The Roccat Tyon bears a vague resemblance to a warthog, and is arguably one of the ugliest gaming mice this side of Mad Catz Cyborg mice—but despite its surly appearance it’s surprisingly comfortable, very well-designed, and eminently functional.
In short, the Tyon is a triumph of function over form—which is a good thing of course, because when this paradigm is reversed you get disastrous results, like the Razer Tron gaming mouse or the Tt eSports Level 10m gaming mouse (the latter of which actually failed on both fronts).
Lumpy though the Roccat Tyon may be, its still comfortable thanks to its soft-touch backside and matte plastic sides. The shark-like fin (a 2-directional switch) on the middle of its back is probably a flight aid.
Features and specifications
Roccat is rarely content to offer the exact same thing as everyone else—and if nothing else, their highly customizable driver software almost guarantees they always have an ace up their sleeve for trumping the competition—or innovating in areas in which others do not tread. In this case, the Tyon has an interesting ‘Accelerator’ thumb paddle, a shark-fin like 2-directional click switch, and an Easy Shift button (common to many of their mice and keyboards) to effectively double the number of customized commands you can assign to its many buttons.
Also like many other Roccat mice and keyboards, the Tyon has an onboard CPU to help ensure it doesn’t consume any processing power on your gaming rig.
Roccat Tyon Technical Specifications
- Pro-Aim Laser Sensor R3 with up to 8200dpi
- 1000Hz polling rate
- 1ms response time
- 12000fps, 10.8megapixel
- 30G acceleration
- 3.8m/s (150ips)
- 16-bit data channel
- 1-5mm Lift off distance
- Tracking & Distance Control Unit
- 72MHz Turbo Core V2 32-bit Arm based MCU
- 576kB onboard memory
- Zero angle snapping/prediction
- 1.8m braided USB cable
Despite the Tyon’s “prickly” appearance courtesy of its many extruding buttons and controls, it’s subtle, right-handed ergonomic design is actually quite comfortable, somewhat similar in feel to Razer’s excellent Deathadder (but bumpier and a bit narrower perhaps). The sculpted buttons make finger-surfing and clicking buttons on the mouse easier, and each of them delivers a solid mechanical ‘click’ when pressed.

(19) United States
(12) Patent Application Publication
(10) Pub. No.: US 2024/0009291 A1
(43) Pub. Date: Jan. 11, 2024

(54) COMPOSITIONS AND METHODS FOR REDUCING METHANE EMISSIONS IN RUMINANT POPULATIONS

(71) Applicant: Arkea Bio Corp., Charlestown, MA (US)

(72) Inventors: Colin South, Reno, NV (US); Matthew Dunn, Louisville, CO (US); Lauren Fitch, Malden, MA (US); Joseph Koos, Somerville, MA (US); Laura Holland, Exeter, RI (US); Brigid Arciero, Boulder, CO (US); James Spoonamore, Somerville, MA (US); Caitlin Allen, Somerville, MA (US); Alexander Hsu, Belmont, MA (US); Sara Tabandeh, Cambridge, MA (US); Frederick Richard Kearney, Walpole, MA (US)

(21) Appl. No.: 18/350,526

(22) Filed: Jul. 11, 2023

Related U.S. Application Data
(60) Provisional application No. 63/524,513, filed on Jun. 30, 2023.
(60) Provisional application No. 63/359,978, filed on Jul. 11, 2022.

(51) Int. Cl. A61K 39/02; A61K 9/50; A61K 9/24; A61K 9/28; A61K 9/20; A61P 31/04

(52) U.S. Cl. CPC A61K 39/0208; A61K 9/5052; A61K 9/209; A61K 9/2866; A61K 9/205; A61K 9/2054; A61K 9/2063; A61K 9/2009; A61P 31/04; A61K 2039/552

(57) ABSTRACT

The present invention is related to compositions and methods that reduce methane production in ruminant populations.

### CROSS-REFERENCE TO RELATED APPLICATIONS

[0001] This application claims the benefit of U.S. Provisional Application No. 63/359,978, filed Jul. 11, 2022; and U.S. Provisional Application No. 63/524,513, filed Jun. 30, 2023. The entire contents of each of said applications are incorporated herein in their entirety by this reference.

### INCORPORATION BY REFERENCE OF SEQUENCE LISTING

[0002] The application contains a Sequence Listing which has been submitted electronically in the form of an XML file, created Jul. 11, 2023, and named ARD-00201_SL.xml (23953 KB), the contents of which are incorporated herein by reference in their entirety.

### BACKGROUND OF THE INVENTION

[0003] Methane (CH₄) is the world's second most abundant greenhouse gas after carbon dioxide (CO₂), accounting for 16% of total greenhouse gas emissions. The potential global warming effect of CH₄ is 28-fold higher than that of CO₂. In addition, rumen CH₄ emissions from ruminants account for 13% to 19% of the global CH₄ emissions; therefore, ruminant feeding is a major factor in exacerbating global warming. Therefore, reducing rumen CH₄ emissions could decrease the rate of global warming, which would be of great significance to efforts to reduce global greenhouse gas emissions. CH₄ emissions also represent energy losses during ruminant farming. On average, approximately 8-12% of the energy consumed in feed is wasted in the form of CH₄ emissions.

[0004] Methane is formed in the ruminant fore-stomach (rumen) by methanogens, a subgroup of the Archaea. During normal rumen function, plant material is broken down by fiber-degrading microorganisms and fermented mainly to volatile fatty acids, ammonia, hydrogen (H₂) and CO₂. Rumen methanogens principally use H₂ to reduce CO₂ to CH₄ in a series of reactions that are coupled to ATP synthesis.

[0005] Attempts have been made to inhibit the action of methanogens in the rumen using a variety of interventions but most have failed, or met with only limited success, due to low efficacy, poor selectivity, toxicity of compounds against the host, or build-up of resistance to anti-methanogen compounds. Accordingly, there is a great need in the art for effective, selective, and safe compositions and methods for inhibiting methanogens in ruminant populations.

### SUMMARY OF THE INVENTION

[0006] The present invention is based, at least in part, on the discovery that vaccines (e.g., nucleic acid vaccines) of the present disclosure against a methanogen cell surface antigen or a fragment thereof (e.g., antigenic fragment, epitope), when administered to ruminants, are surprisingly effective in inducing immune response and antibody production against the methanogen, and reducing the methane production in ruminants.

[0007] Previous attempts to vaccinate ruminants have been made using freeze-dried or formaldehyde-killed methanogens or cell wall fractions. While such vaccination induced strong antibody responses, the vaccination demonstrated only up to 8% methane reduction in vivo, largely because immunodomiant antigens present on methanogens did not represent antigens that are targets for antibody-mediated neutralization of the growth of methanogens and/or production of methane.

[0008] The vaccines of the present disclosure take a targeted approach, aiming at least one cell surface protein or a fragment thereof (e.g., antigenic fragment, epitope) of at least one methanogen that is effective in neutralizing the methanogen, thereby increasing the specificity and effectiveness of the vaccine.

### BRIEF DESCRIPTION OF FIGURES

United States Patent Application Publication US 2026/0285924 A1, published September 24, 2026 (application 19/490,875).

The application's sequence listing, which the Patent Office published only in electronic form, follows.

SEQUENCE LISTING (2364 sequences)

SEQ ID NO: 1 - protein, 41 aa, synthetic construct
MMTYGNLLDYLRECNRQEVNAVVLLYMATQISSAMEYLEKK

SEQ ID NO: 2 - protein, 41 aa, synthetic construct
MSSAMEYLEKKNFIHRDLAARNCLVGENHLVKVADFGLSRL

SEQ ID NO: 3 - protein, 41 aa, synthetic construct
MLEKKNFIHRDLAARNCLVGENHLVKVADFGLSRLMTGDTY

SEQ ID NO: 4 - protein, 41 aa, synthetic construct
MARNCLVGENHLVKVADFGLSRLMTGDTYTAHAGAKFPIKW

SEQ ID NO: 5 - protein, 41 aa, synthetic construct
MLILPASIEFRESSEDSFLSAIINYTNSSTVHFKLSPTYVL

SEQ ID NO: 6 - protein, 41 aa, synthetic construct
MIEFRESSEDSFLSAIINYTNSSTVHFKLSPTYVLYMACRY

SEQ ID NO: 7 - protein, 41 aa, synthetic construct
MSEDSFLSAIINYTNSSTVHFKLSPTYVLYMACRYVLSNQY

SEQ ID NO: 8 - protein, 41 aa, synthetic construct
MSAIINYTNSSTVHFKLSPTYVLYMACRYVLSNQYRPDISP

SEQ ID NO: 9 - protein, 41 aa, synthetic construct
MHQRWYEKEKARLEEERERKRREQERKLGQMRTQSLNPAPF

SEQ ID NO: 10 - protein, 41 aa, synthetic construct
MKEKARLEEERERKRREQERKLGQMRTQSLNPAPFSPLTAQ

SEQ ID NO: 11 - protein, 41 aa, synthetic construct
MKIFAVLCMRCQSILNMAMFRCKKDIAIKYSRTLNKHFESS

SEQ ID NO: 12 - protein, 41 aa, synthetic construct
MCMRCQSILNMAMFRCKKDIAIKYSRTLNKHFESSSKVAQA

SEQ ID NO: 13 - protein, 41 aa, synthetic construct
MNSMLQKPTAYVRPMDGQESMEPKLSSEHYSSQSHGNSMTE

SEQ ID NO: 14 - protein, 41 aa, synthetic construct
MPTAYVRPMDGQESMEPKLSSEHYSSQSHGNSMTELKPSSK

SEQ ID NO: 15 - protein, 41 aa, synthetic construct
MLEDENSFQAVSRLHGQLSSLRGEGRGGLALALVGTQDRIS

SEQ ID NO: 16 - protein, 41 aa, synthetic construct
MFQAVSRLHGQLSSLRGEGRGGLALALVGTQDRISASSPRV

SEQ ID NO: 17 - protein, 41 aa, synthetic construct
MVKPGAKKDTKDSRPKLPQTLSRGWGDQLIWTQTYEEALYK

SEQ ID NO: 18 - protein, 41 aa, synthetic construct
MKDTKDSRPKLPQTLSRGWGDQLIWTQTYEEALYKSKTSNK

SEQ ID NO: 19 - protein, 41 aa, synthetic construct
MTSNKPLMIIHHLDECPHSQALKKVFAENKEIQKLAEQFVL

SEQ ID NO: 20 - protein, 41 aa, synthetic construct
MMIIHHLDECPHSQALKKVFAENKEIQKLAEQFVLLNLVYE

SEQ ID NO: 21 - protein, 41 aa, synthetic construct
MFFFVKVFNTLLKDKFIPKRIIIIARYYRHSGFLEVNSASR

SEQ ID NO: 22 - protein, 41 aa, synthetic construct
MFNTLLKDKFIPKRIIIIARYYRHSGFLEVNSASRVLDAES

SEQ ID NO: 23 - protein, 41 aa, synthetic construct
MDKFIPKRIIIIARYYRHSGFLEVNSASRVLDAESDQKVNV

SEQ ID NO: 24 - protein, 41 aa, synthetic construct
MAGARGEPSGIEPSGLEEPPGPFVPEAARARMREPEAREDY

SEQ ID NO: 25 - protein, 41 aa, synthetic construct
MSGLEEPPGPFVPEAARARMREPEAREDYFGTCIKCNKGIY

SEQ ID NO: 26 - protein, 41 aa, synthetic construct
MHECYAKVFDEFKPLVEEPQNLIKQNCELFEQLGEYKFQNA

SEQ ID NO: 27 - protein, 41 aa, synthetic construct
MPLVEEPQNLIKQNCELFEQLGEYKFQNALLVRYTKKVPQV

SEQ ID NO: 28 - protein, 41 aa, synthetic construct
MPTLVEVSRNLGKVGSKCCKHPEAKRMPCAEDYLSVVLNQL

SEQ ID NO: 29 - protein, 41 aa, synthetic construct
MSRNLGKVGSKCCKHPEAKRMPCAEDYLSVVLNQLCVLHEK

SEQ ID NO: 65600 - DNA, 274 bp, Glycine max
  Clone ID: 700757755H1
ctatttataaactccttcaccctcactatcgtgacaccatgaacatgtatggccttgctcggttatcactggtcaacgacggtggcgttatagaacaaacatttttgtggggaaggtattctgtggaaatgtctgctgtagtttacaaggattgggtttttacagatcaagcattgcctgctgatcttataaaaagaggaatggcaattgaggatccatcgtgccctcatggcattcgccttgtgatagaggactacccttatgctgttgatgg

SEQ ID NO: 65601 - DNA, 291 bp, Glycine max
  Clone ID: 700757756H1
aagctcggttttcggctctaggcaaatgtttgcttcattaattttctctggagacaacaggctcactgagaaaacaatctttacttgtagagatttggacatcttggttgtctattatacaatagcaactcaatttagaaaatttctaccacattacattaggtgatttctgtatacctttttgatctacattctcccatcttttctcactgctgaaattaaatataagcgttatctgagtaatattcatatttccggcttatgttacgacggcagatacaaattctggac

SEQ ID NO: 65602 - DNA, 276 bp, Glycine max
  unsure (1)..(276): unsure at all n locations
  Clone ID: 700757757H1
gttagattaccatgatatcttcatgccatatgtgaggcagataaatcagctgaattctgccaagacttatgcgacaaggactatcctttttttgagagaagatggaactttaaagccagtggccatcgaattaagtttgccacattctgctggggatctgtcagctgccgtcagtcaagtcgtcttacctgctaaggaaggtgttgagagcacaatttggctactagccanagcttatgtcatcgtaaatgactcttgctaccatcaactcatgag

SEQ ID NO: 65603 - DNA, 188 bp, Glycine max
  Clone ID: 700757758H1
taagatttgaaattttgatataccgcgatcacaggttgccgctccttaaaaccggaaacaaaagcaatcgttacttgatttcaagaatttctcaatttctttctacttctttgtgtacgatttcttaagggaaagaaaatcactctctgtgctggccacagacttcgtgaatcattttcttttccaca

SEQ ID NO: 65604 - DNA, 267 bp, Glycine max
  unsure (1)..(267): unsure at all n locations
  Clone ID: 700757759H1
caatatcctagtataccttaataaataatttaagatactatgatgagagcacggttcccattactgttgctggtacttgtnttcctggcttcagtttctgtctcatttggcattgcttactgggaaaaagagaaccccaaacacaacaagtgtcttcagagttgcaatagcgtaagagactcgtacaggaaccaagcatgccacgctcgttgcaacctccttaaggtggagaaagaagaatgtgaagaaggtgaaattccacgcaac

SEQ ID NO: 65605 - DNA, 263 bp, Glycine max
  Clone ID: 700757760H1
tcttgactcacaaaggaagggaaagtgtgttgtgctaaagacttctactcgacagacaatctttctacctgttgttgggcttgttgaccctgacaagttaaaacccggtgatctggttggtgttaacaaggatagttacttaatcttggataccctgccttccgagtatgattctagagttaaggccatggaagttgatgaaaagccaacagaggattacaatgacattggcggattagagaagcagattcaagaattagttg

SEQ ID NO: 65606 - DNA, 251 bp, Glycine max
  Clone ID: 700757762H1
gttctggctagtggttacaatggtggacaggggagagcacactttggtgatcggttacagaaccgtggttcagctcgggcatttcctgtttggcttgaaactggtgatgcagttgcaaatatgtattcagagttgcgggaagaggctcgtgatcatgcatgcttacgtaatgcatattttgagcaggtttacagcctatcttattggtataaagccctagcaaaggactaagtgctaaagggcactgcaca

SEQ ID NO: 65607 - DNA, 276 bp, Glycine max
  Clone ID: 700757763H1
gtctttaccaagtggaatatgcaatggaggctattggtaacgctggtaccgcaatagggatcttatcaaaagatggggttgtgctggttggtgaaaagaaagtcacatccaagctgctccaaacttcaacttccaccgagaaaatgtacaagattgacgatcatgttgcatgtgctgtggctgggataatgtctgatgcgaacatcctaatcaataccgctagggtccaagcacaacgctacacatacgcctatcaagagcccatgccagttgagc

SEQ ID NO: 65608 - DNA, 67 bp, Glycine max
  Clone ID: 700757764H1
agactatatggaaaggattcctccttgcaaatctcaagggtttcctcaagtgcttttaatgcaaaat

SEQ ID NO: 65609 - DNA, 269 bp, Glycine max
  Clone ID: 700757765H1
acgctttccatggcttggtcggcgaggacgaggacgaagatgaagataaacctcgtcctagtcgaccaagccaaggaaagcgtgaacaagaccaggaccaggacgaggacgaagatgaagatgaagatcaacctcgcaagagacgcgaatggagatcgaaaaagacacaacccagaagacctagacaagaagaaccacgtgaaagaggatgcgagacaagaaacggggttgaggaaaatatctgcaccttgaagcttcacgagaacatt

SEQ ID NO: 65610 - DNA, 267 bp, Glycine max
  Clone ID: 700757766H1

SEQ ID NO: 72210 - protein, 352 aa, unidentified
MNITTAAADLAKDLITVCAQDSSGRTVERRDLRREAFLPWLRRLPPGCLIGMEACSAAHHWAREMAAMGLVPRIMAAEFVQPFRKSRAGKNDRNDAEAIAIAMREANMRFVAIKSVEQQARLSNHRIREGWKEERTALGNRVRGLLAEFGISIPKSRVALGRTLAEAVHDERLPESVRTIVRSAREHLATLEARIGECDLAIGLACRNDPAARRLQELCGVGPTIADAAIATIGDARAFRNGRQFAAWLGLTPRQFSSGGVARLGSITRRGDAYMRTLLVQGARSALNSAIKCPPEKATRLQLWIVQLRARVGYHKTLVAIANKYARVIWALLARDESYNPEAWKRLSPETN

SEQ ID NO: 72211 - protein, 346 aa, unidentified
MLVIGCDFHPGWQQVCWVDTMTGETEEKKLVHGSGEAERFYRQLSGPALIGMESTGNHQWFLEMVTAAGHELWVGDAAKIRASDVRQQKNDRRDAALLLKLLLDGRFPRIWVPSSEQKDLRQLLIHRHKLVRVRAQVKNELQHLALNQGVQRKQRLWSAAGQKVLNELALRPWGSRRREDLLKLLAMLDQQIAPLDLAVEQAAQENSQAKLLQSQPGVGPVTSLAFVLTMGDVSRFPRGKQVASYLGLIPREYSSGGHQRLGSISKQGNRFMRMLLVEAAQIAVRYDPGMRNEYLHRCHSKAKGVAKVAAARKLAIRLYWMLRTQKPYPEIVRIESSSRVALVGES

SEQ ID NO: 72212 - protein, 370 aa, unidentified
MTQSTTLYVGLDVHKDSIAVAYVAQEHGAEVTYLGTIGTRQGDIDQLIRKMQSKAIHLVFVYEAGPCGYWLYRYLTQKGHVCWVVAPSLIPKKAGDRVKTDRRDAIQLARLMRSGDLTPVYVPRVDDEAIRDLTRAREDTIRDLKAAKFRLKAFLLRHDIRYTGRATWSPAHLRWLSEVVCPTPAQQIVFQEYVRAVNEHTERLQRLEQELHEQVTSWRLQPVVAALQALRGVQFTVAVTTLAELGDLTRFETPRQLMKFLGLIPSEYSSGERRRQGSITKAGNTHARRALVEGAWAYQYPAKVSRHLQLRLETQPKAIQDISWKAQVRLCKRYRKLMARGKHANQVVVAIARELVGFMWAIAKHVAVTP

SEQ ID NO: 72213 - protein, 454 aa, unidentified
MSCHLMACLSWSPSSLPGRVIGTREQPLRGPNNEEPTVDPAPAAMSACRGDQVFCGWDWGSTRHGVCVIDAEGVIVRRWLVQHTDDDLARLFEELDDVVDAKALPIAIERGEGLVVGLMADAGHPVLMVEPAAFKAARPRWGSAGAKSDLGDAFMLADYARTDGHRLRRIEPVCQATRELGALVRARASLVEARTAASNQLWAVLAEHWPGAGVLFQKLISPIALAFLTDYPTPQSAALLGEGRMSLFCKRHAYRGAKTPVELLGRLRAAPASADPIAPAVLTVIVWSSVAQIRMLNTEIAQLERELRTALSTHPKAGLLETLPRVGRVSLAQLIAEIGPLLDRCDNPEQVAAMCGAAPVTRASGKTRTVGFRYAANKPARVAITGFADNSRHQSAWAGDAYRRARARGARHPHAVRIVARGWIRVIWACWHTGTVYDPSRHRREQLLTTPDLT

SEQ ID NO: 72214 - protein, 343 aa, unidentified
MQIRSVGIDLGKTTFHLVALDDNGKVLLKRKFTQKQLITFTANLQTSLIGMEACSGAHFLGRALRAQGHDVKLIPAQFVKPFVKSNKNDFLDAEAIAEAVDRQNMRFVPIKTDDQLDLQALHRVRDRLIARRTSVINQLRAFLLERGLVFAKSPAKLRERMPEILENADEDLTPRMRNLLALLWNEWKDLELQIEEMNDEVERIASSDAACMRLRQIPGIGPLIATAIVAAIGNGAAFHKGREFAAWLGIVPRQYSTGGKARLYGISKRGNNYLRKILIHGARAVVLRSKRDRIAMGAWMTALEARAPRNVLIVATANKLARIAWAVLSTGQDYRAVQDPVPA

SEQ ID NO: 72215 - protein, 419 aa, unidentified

The Tyon’s buttons are well-placed and within easy reach of your thumb and fingers. The sculpted shape makes it easier to reach and identify by them by touch, and even the most difficult to reach (at the furthest, outer edges of the mouse buttons) can still be pretty useful. At the very least they are good for assigning tasks such as profile switching, changing the DPI, and other functions that you may not use while gaming much but are still convenient for day-to-day use.
The Fin switch is a 2-directional horizontal clicker, basically acting as 2 buttons (left-click/right-click). It’s handy for horizontal scrolling, but the fin’s placement in the middle, back part of the mouse makes it easy to reach and thus perfect for frequent gaming tasks. Similarly, the ‘thumb accelerator’ along the top, thumb-side of the mouse is very useful; it can be toggled up and down like an analog switch.
Roccat’s Easy Shift button is also smartly placed: at the bottom edge of the thumb buttons where your thumb rests within easy reach of it. If the Tyon’s extra buttons aren’t enough for you, the Easy Shift buttons doubles the number of functions you can store for each button in a single profile—and there are 5 profiles to store commands in, by the way.
The Tyon’s software is typical for Roccat and gives you the ability to tweak virtually every aspect of the mouse, including its LED lighting, polling rate, DPI levels, macros, and more. I found it a bit strange that the DPI levels are only adjustable in 200DPI increments (some mice enable you to adjust the DPI in 25 or 50DPI for more granular fine-tuning), but this is hardly an issue for all but the most dedicated tweakers.
And Roccat’s software is some of the best out there generally speaking, although it could probably benefit from a more streamlined user interface—it’s a little ‘busy’ and sometimes a bit hard to hunt through everything and find what you want). Regardless, like the Tyon (and Roccat peripherals in general), it’s crammed with features, including a powerful macro editor and Roccat’s unique achievement system and voice notification system (which you’ll probably turn off).
The Tyon is enough gaming mouse for virtually any application or game you can throw at it. It’s excellent as a general mouse of course, but with as many buttons as features as the Tyon has it’s particularly well-suited to games where you can take advantage of all its features—especially MMOs, RPGs, and RTS games that tend to have a lot of keyboard shortcuts.
The Tyon may by look like an angry mutated warthog, but underneath its ‘rugged’ exterior is a comfortable gaming mouse that is eminently functional and loaded with features and customization options. At about $100 it’s a solid contender in the high-end gaming mouse space, and Roccat continues to hold a sterling reputation in the PC gaming peripheral space.